This begs the question: What is the need for rules if the regulations could be left to the bye-laws of the trade unions concerned? They should provide a broad framework, and specify concretely and clearly the substantive and functional aspects of them. Otherwise, there could be considerable and unhealthy variations in practice in the bye-laws of trade unions.
In sum, three concerns arise here. One, as expected, there exist variations in the Rules framed by the regional governments. Two, even after the decentralized rules-making process, matters, general or specific, are left to the executive orders. Three, the rules-making process, instead of generating the regulations, leave some aspects to the mutual determination or the bye-laws of the trade unions.
The essential principle of labour regulations is to empower the workers and their collectives. Lawmakers fail in their duty if they leave the regulations to the parties or workers’ organizations. Then, the entire edifice of regulations collapses like a pack of cards.
I have desisted from a more detailed analysis of the rules framed by these states and comparing them with the central regulations. Imagine the chaotic picture we are most likely to secure if all the states and the UTs formulate their regulations!
These confirm the assumption that there exists little or no coordination between the union and state governments. One may argue that regional diversities account for the divergence in the regulations. Indeed, they could differ in terms of procedures, but not pertaining to substantive provisions.
Imagine a firm having many branches across the country, and dealing with different recognition methods and criteria in each state. In other words, the regulations promote unhealthy variations at the ‘sub-national’ levels which would pose considerable problems to the stakeholders. In fact, to avoid inter-state variations in regulations and reduce the transaction costs, the Occupational Safety and Health and Working Conditions Code provided for a “national license” to be issued by the Central government for national operators [see Section 47(3)]. Such options must exist for recognition of trade unions and regulations concerning trade unions operating across several states and UTs.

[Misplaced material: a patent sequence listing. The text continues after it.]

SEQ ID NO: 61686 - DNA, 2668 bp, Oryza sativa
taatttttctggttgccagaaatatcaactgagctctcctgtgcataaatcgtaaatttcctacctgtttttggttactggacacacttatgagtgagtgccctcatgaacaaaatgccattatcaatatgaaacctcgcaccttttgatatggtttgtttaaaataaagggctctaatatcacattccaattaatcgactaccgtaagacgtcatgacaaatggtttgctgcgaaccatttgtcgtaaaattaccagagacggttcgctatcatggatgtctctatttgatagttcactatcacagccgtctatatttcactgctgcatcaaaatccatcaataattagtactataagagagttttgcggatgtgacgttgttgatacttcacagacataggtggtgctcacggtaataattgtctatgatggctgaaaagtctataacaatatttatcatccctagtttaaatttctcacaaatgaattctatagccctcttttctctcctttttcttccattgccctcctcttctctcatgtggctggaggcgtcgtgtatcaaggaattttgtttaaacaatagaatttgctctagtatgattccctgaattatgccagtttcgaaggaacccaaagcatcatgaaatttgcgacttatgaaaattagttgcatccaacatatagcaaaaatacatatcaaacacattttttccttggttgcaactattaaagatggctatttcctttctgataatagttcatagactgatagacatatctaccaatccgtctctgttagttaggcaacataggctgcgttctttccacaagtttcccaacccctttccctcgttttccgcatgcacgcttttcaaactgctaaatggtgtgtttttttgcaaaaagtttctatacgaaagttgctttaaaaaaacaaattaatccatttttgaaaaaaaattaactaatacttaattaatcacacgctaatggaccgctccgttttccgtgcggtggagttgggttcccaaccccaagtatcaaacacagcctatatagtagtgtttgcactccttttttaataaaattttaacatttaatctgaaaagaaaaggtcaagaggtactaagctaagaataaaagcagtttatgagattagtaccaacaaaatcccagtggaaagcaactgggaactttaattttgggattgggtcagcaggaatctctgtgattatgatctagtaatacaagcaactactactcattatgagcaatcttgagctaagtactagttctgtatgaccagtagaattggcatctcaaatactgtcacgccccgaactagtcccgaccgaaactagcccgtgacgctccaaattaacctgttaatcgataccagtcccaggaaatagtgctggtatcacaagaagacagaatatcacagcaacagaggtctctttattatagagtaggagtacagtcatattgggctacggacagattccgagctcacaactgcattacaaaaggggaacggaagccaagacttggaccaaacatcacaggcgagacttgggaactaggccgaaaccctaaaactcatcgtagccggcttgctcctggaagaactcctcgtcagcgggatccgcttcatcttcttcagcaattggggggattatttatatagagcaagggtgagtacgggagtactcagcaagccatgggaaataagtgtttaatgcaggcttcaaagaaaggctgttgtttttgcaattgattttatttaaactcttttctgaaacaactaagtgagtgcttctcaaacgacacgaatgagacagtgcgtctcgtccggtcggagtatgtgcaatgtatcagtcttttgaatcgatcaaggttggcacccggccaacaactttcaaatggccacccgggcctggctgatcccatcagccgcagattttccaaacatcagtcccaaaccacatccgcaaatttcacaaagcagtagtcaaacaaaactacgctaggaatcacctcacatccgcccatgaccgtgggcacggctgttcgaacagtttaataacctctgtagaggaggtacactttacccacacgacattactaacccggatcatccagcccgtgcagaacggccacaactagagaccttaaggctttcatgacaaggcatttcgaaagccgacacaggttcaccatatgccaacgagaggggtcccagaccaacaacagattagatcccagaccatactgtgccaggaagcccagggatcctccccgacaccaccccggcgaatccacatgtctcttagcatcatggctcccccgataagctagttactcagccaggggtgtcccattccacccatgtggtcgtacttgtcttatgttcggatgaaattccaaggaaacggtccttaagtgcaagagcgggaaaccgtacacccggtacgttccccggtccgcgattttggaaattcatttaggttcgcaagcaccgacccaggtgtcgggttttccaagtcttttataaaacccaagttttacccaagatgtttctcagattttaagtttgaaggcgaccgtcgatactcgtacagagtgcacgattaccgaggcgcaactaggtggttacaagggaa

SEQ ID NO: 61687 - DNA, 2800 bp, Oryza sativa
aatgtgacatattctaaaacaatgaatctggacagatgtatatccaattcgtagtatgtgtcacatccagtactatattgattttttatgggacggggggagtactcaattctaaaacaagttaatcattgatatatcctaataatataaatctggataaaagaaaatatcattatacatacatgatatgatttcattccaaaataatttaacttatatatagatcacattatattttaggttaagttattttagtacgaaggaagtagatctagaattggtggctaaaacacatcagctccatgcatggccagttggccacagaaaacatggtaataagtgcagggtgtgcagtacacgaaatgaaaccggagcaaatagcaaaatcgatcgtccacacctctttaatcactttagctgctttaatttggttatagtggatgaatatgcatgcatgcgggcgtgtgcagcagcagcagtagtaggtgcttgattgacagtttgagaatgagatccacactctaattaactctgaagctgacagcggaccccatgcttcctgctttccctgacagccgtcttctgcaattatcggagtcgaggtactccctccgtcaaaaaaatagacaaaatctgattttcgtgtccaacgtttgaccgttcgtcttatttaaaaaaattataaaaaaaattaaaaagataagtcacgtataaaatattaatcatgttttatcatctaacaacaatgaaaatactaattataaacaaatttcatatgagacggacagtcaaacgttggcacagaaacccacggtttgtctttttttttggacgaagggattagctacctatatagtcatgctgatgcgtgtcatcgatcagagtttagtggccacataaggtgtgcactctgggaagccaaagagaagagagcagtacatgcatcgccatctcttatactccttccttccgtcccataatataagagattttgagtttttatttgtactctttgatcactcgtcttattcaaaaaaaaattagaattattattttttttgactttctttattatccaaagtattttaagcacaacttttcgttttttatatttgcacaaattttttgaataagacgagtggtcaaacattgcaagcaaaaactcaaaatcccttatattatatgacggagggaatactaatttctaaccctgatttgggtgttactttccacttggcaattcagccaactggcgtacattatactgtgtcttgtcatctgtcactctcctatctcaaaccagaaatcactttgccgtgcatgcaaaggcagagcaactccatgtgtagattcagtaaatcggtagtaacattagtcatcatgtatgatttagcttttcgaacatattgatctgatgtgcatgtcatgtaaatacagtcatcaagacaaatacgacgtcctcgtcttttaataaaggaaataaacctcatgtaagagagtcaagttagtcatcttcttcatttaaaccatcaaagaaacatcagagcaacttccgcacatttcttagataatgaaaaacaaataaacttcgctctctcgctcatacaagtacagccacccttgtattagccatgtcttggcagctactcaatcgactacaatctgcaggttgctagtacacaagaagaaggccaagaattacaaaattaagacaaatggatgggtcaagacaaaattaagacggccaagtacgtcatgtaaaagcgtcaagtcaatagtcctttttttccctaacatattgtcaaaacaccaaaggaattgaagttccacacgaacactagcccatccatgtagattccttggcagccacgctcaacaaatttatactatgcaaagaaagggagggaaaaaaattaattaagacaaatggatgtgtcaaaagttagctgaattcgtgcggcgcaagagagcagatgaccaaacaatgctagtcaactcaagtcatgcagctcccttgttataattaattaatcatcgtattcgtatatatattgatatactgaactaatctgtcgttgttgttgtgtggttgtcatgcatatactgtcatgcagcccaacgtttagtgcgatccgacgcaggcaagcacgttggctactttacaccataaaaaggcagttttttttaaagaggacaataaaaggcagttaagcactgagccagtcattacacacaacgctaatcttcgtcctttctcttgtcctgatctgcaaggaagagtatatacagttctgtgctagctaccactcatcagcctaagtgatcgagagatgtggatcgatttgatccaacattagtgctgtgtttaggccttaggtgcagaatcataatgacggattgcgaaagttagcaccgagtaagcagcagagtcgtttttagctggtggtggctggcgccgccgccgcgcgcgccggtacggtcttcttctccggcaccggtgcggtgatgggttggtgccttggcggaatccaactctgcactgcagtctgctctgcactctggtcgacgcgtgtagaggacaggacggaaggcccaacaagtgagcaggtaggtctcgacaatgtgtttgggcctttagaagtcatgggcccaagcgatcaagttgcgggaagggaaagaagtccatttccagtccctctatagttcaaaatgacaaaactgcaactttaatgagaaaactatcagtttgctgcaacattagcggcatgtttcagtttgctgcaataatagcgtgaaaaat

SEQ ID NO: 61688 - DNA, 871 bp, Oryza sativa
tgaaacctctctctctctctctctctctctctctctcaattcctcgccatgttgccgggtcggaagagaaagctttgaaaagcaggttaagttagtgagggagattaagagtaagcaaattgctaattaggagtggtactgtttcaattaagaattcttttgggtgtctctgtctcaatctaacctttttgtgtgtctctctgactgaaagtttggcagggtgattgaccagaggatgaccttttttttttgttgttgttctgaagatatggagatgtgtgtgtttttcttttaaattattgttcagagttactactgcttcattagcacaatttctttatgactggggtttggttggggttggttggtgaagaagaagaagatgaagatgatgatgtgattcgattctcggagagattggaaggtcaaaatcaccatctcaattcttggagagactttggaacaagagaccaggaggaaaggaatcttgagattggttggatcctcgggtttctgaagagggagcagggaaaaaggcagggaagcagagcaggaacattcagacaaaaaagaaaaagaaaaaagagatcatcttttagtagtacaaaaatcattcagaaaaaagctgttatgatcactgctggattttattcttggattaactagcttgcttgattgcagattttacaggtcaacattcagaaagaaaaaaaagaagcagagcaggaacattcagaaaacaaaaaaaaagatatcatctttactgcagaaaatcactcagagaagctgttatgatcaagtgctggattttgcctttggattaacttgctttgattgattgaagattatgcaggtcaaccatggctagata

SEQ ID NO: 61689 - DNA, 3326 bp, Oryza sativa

Several of these problems have arisen primarily because the lawmakers have completely and unpardonably failed to define these aspects clearly and comprehensively in the IRC itself, which would have rendered these complex exercises irrelevant and reduced the transaction costs for the state governments, stakeholders, and academics.
For example, why did the IRC not define the criterion for a sole bargaining agent, the method of recognition, the facilities to be provided to the negotiating union/council or the regulations concerning the general and political funds in the IRC itself, and left it to rule-making? This is a huge failure on the part of law-making by the Parliament and the ruling party alliance at the centre. As a result, we have to engage in these ponderous exercises for understanding and resolving this web of regulations, which have huge transaction and institutional costs.